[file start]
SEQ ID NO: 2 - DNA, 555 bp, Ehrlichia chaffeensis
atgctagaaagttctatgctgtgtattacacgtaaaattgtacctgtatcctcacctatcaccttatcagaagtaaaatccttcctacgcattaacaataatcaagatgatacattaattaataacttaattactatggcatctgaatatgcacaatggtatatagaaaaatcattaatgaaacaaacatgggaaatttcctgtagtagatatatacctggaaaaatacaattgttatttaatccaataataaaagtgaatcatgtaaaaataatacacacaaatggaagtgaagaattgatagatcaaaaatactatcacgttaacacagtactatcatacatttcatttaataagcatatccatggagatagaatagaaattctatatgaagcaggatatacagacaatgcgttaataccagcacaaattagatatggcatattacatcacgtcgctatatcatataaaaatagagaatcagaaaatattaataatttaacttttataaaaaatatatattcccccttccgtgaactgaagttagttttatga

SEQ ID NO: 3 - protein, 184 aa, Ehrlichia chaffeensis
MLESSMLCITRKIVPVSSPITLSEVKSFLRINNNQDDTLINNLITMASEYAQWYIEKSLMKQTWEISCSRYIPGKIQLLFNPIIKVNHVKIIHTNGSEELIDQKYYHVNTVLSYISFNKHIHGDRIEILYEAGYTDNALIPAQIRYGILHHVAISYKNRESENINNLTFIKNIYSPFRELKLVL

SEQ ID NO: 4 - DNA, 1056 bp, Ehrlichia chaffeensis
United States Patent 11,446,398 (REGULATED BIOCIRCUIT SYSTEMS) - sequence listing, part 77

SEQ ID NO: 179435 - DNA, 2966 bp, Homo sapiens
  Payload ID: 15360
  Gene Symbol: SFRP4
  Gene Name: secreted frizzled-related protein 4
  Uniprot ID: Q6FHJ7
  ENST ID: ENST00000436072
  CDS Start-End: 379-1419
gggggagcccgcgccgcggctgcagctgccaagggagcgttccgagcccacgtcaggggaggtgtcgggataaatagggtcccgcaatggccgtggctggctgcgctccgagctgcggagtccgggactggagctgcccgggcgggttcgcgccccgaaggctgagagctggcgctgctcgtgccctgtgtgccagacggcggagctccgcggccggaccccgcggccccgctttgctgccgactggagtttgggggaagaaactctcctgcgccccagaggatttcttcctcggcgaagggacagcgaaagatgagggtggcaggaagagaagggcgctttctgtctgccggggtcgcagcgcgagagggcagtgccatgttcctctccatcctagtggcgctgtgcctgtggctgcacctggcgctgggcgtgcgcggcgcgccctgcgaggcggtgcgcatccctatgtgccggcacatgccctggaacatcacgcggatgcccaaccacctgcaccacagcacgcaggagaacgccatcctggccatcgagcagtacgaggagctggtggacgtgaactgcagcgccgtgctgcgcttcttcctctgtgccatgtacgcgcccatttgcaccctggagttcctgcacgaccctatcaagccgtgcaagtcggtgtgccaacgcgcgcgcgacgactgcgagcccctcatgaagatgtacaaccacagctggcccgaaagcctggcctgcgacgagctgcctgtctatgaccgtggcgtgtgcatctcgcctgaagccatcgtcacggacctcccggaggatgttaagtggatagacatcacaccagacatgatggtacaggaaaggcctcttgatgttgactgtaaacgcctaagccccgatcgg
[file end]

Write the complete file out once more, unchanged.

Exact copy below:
SEQ ID NO: 2 - DNA, 555 bp, Ehrlichia chaffeensis
atgctagaaagttctatgctgtgtattacacgtaaaattgtacctgtatcctcacctatcaccttatcagaagtaaaatccttcctacgcattaacaataatcaagatgatacattaattaataacttaattactatggcatctgaatatgcacaatggtatatagaaaaatcattaatgaaacaaacatgggaaatttcctgtagtagatatatacctggaaaaatacaattgttatttaatccaataataaaagtgaatcatgtaaaaataatacacacaaatggaagtgaagaattgatagatcaaaaatactatcacgttaacacagtactatcatacatttcatttaataagcatatccatggagatagaatagaaattctatatgaagcaggatatacagacaatgcgttaataccagcacaaattagatatggcatattacatcacgtcgctatatcatataaaaatagagaatcagaaaatattaataatttaacttttataaaaaatatatattcccccttccgtgaactgaagttagttttatga

SEQ ID NO: 3 - protein, 184 aa, Ehrlichia chaffeensis
MLESSMLCITRKIVPVSSPITLSEVKSFLRINNNQDDTLINNLITMASEYAQWYIEKSLMKQTWEISCSRYIPGKIQLLFNPIIKVNHVKIIHTNGSEELIDQKYYHVNTVLSYISFNKHIHGDRIEILYEAGYTDNALIPAQIRYGILHHVAISYKNRESENINNLTFIKNIYSPFRELKLVL

SEQ ID NO: 4 - DNA, 1056 bp, Ehrlichia chaffeensis
United States Patent 11,446,398 (REGULATED BIOCIRCUIT SYSTEMS) - sequence listing, part 77

SEQ ID NO: 179435 - DNA, 2966 bp, Homo sapiens
  Payload ID: 15360
  Gene Symbol: SFRP4
  Gene Name: secreted frizzled-related protein 4
  Uniprot ID: Q6FHJ7
  ENST ID: ENST00000436072
  CDS Start-End: 379-1419
gggggagcccgcgccgcggctgcagctgccaagggagcgttccgagcccacgtcaggggaggtgtcgggataaatagggtcccgcaatggccgtggctggctgcgctccgagctgcggagtccgggactggagctgcccgggcgggttcgcgccccgaaggctgagagctggcgctgctcgtgccctgtgtgccagacggcggagctccgcggccggaccccgcggccccgctttgctgccgactggagtttgggggaagaaactctcctgcgccccagaggatttcttcctcggcgaagggacagcgaaagatgagggtggcaggaagagaagggcgctttctgtctgccggggtcgcagcgcgagagggcagtgccatgttcctctccatcctagtggcgctgtgcctgtggctgcacctggcgctgggcgtgcgcggcgcgccctgcgaggcggtgcgcatccctatgtgccggcacatgccctggaacatcacgcggatgcccaaccacctgcaccacagcacgcaggagaacgccatcctggccatcgagcagtacgaggagctggtggacgtgaactgcagcgccgtgctgcgcttcttcctctgtgccatgtacgcgcccatttgcaccctggagttcctgcacgaccctatcaagccgtgcaagtcggtgtgccaacgcgcgcgcgacgactgcgagcccctcatgaagatgtacaaccacagctggcccgaaagcctggcctgcgacgagctgcctgtctatgaccgtggcgtgtgcatctcgcctgaagccatcgtcacggacctcccggaggatgttaagtggatagacatcacaccagacatgatggtacaggaaaggcctcttgatgttgactgtaaacgcctaagccccgatcgg